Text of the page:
However, she really wants an optical drive. How happy I was to find this blog! In case anyone is wondering, here is what I’ve tested Girlfriend’s Aluminum MacBook5,1 running Snow Leopard 10.6.8: – the plist edit trick to add mbasd=1 works! – the nvram boot-args=”mbasd=1″ trick also works!
My White MacBook3,1 also running Snow Leopard 10.6.8: – the plist edit trick to add mbasd=1 works! – the nvram boot-args=”mbasd=1″ trick also works! On both systems, with either trick I was able to read a data CD, play an audio CD, import the audio to MP3 in iTunesAND play a DVD automatically after inserting the disc using the OS X DVD Player software. I also tested DVD playback in VLC on my White MacBook, and it works as well. Luz says Your.plist was apparently converted to the binary format by trim enabler, that’s why it looks like (mostly) garbage.
It is not possible to edit this with a regular text editor – even if you insert text seemingly at the right place as you did, the result will not be a valid binary plist any more. I just found that there’s a command line utility named plutil which can convert the plist back to XML, so I updated the post and added a step that makes sure the file gets converted to XML before editing. Please try that and check if the result looks as it should.
Any Fix In The Works For Macbook
If not, the direct editing in the binary file has probably damaged the file, in that case I’d recommend to just recreate it new as shown in the post. Jerm says Awesome! MacBook Pro 2,2 15″ Radeon 4850 HD 10.6.8 2.16 GHz Intel Core 2 Duo 2 GB 667 MHz DDR2 SDRAM Replaced malfunctioning stock superdrive in Jan 2014 with SSD (swapped HDD into superdrive bay and placed SSD in original HD bay.) Put system files on SSD, documents on HDD. Recently, I’ve been getting kernal panic attacks, and now have the following error messages in disk verification: Invalid volume file count Invalid volume directory count The volume Engineering was found corrupt and needs to be repaired.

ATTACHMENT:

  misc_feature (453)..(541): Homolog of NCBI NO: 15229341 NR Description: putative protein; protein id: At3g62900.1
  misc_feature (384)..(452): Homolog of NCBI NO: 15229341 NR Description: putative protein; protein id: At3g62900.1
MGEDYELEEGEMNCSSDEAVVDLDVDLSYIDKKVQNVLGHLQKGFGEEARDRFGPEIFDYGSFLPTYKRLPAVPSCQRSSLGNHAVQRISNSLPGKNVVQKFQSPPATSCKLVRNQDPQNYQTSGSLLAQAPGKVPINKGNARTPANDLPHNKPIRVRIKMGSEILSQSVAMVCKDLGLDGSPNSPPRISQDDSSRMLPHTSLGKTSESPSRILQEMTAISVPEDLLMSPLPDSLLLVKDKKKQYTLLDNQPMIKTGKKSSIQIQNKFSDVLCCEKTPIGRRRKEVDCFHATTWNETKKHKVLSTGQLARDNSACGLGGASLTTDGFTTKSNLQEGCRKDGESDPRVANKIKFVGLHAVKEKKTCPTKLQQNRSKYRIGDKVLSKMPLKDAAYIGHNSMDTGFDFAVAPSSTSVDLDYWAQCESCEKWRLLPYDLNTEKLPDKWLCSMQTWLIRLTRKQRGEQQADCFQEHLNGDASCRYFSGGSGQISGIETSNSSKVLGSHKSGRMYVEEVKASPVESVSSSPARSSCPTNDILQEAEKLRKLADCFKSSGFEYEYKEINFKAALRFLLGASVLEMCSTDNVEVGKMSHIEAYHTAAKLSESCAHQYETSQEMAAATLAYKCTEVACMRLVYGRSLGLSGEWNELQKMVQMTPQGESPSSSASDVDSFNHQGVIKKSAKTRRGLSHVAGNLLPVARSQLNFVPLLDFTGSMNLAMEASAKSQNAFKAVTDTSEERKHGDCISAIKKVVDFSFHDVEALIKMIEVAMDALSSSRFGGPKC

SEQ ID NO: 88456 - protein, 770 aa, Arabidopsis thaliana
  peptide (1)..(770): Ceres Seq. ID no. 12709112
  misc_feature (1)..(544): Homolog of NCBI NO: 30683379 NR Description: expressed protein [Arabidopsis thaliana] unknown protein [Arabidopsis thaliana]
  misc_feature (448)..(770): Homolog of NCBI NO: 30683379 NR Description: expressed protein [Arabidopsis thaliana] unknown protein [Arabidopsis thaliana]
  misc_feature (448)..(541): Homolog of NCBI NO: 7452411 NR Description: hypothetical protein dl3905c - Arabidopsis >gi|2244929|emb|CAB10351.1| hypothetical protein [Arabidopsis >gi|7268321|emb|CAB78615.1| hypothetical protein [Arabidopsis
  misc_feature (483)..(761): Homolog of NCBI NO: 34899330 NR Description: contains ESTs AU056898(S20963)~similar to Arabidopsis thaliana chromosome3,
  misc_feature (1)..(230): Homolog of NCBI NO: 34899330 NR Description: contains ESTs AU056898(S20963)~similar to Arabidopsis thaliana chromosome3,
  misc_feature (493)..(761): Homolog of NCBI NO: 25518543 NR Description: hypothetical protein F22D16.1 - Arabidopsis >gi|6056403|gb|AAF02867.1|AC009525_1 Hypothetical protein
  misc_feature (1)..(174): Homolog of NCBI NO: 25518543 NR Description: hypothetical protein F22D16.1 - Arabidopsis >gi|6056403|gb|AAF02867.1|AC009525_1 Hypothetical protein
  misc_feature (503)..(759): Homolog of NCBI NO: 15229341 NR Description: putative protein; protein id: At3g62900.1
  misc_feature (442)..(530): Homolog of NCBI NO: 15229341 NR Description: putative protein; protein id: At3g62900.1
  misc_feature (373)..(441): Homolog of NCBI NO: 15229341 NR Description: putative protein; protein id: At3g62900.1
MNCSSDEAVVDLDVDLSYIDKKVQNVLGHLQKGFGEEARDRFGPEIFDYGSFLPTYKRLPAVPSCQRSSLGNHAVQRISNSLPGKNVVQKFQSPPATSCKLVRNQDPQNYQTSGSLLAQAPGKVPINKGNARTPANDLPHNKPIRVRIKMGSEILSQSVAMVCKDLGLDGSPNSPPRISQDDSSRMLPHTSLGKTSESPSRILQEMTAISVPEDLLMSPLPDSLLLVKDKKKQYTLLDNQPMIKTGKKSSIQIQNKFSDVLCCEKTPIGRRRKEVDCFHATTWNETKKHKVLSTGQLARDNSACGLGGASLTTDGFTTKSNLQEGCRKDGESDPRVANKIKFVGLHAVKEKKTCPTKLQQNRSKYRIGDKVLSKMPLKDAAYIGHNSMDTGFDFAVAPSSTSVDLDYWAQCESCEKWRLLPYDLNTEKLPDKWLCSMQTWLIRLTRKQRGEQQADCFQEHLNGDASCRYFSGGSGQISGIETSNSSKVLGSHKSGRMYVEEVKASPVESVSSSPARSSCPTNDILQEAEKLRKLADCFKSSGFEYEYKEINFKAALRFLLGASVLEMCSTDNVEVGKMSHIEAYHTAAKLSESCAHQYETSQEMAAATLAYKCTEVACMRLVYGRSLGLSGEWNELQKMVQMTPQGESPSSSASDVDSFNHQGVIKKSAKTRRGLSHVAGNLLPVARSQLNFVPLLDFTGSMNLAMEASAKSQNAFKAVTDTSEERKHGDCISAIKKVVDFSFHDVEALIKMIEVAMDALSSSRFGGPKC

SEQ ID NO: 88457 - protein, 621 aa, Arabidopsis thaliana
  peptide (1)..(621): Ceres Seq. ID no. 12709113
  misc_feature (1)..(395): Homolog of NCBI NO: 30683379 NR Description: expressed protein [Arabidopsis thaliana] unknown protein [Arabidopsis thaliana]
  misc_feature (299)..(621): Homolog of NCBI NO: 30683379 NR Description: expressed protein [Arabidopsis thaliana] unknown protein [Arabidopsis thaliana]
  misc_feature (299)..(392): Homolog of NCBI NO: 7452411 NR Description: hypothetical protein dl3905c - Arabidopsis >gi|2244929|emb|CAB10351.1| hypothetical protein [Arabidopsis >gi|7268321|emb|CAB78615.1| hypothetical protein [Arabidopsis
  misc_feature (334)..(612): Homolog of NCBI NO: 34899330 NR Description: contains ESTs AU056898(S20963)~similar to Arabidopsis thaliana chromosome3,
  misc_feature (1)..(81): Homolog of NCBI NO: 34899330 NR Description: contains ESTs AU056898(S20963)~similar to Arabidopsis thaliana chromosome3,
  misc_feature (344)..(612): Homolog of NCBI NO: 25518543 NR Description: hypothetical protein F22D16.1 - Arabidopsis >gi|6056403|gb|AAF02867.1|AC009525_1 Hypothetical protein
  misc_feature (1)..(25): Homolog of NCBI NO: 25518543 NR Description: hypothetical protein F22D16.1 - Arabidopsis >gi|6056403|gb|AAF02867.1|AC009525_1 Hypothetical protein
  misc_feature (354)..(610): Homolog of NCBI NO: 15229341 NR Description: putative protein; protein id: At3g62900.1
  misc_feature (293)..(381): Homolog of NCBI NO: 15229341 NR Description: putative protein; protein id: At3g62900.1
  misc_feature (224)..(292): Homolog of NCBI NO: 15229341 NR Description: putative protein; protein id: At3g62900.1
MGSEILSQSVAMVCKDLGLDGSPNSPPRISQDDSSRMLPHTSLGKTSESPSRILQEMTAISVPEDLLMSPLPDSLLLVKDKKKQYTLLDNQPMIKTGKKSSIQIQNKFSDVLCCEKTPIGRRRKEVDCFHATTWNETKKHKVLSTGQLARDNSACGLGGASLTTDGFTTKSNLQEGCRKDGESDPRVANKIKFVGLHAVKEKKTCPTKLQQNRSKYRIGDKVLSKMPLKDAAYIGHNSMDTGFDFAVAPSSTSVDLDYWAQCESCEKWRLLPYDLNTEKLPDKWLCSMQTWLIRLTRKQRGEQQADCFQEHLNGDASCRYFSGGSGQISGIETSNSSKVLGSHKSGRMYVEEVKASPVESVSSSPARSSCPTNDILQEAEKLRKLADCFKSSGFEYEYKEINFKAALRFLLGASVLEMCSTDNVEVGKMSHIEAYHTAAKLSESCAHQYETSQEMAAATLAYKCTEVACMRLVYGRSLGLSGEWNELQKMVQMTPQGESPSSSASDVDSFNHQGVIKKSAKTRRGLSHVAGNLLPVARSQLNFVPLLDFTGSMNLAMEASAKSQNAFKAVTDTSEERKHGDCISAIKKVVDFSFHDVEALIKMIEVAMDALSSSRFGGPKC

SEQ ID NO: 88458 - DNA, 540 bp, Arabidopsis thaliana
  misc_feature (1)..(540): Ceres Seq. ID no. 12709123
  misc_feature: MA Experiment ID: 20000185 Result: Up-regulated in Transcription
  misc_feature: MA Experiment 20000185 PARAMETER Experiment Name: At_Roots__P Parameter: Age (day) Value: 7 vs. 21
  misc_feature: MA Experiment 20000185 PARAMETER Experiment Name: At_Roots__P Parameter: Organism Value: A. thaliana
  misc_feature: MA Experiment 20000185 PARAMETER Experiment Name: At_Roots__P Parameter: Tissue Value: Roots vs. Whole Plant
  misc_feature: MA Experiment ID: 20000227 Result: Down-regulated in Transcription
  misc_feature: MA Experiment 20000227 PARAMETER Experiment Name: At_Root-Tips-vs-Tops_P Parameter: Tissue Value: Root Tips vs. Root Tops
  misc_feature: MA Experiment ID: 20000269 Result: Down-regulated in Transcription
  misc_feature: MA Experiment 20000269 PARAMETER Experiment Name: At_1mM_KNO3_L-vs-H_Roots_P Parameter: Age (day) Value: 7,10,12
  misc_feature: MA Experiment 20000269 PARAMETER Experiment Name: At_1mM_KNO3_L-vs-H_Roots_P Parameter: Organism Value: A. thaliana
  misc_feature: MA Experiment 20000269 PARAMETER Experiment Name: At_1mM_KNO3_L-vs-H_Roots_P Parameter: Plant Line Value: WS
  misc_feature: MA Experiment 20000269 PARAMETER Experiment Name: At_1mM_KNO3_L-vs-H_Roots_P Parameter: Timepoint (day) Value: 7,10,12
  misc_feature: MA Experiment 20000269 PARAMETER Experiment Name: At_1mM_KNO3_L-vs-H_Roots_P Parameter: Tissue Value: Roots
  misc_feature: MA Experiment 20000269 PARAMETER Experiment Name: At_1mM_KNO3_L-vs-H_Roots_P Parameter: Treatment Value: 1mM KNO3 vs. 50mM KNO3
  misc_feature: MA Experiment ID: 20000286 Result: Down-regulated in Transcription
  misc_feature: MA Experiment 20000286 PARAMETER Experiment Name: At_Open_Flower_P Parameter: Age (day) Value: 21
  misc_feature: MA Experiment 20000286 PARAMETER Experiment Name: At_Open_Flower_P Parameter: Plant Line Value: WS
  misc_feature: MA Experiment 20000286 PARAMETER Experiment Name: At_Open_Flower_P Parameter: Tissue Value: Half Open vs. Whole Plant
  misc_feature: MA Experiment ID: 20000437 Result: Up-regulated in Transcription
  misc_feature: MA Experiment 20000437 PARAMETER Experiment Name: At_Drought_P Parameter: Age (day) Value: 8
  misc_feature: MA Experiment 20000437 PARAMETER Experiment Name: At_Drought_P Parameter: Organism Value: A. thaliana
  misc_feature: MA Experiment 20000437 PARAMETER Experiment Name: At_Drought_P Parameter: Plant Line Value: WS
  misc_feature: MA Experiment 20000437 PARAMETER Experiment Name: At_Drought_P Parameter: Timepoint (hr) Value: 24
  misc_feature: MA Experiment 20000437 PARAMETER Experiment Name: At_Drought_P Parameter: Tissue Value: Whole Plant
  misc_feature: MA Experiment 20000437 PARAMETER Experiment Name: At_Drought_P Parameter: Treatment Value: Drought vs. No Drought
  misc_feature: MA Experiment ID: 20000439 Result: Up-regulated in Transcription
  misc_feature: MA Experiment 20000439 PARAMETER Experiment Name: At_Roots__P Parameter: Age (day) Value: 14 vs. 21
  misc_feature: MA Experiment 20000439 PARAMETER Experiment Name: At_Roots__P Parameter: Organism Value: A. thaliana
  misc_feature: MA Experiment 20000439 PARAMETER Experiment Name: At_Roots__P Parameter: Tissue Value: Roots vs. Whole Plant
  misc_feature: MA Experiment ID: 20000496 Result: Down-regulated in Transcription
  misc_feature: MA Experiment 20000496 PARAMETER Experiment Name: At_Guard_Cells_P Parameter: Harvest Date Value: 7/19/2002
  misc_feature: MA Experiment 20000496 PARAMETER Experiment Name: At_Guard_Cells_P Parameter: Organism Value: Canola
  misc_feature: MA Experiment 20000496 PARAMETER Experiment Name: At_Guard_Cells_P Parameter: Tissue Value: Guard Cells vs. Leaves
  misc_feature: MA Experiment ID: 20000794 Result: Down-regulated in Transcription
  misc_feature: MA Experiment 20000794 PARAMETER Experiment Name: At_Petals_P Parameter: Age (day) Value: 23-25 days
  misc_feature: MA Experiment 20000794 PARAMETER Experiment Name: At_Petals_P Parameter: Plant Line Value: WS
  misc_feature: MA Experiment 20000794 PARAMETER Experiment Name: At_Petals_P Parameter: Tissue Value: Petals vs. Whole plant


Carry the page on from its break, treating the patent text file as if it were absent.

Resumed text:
Error: This disk needs to be repaired. Start up your computer with another disk (such as your Mac OS X installation disc), and then use Disk Utility to repair this disk.
No superdrive. So I bought one, and exactly like you posted above, it never dawned on me that it wouldn’t work. Thank you for the fix! BoD Now I hope the Snow Leopard disk utility will help me fix the SSD before I upgrade to Lion.
Any Fix In The Works For Mac
The last upgrade for this puppy. (Obsolete my ass! Works better than my late 2009 27″ iMac with 12 Gigs RAM.). Jerm says I should have mentioned Oct.
The drive is recognized, and so is the install disk. But when I reboot with alt/option depressed, I get the gray screen circle slash do not enter sign and spinning wheel. Research says it’s a peripheral. My only peripheral, the Superdrive. EFI Firmware says 1.4, but when I try to install 1.8 or 3.0, both installers say I don’t need either update.
So I can’t access the Snow Leopard white install disk’s disk utility using reboot and alt/option. I can access it upon normal boot, but disk utility that way just forces me to reboot, and into the same gray screen spinning wheel access denied loop at startup. I’m ready to purge all and fresh install.